Gracious God, from whom every good gift comes, send your spirit into our lives and by the flame of your wisdom open the horizons of our minds, loosen our tongues to sing your praise in words, and to go beyond speech praising you in the silence deep within our hearts. Amen

Whether you choose to claim it or not, your very presence at this service marks you as countercultural revolutionaries. While you are participating in this traditional Advent lessons and carols service, the culture all around you is participating wildly in Black Friday morphing into Black Saturday morphing presumably into Black Sunday and fear not, there’s still time because I received in my e-mail notices that tomorrow will be Cyber Monday. Revolutionaries you are because you have chosen to participate in this service where we are invited to slowly savor our salvation story in Scripture and song—hearing the story beginning at Genesis and weaving this thread and tapestry through to the last lesson you just heard of the Angel Gabriel visiting Mary with quite an annunciation, the shocking and extraordinary news that God was prepared to take on human flesh and dwell among us. And Mary after asking just a few questions—I’m sure I would’ve had quite a few more- accedes to what Gabriel has pronounced and says, “Yes” and changed the course of human history.

How do we in the midst of a culture that is screaming at us to buy-buy-buy, spend-spend-spend and do so quickly, while supplies last, slow down, wait, watch, pray, and listen for that still small voice of God calling to us giving us our charge as Gabriel gave Mary hers? And she said yes. As you can see in the bulletin that you picked up this evening there are myriad ways in which this Cathedral is offering programs for pilgrimage, retreat, courses, lectures, and concerts all designed to give you the time and space to slow down, to enter more deeply into this holy season of Advent. We wait to welcome the Christ child once again into our hearts and souls and spirit and let our lives be changed as a consequence.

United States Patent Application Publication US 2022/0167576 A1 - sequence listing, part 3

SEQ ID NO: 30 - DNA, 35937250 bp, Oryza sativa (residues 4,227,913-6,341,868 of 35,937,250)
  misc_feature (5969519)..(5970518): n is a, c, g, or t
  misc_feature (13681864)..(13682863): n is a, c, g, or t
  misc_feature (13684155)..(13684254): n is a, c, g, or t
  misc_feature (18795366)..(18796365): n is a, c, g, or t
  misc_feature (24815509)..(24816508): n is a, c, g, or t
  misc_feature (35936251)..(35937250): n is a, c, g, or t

In his book Ragamuffin Gospel, Brennan Manning writes about his own journey in this regard. In studying Scripture he says that it’s one of the better ways that we come to know God and to understand God and to be in conversation with God. But he struggled with it and he didn’t experience the “relentless tenderness of God,” as he calls it, until he got very still and quiet and prayed with great intention that that tender and loving God would visit him and break open for him the Word of God through the living Word. Manning makes the point that we can’t directly experience God derivatively through exegetes, theologians, or spiritual writers. It has to be our experience, our life. And he says that “when the religious views of others interpose between us and the primary experience of Jesus as the Christ, we become unconvicted and unpersuasive travel agents handing out brochures to places we have never visited.”

It has to be your experience, your life, your annunciation and response. Ignatius of Loyola said that direct experience of God is grace indeed and basically there is no one to whom it is refused. Over the course of these next four weeks as we prepare for the coming of Christ, slow down. Block out the cacophony of the culture around you. Continue in your journey to be countercultural revolutionaries and listen with intention for that still small voice of God calling you for your call, your purpose, your transformed life living into the Christ child welcomed in your heart once again. And when Gabriel or some other heavenly emissary comes your way and says, “Greetings, favored one, the Lord is with you,” how will you respond?


The Rev. Canon Jan Naylor Cope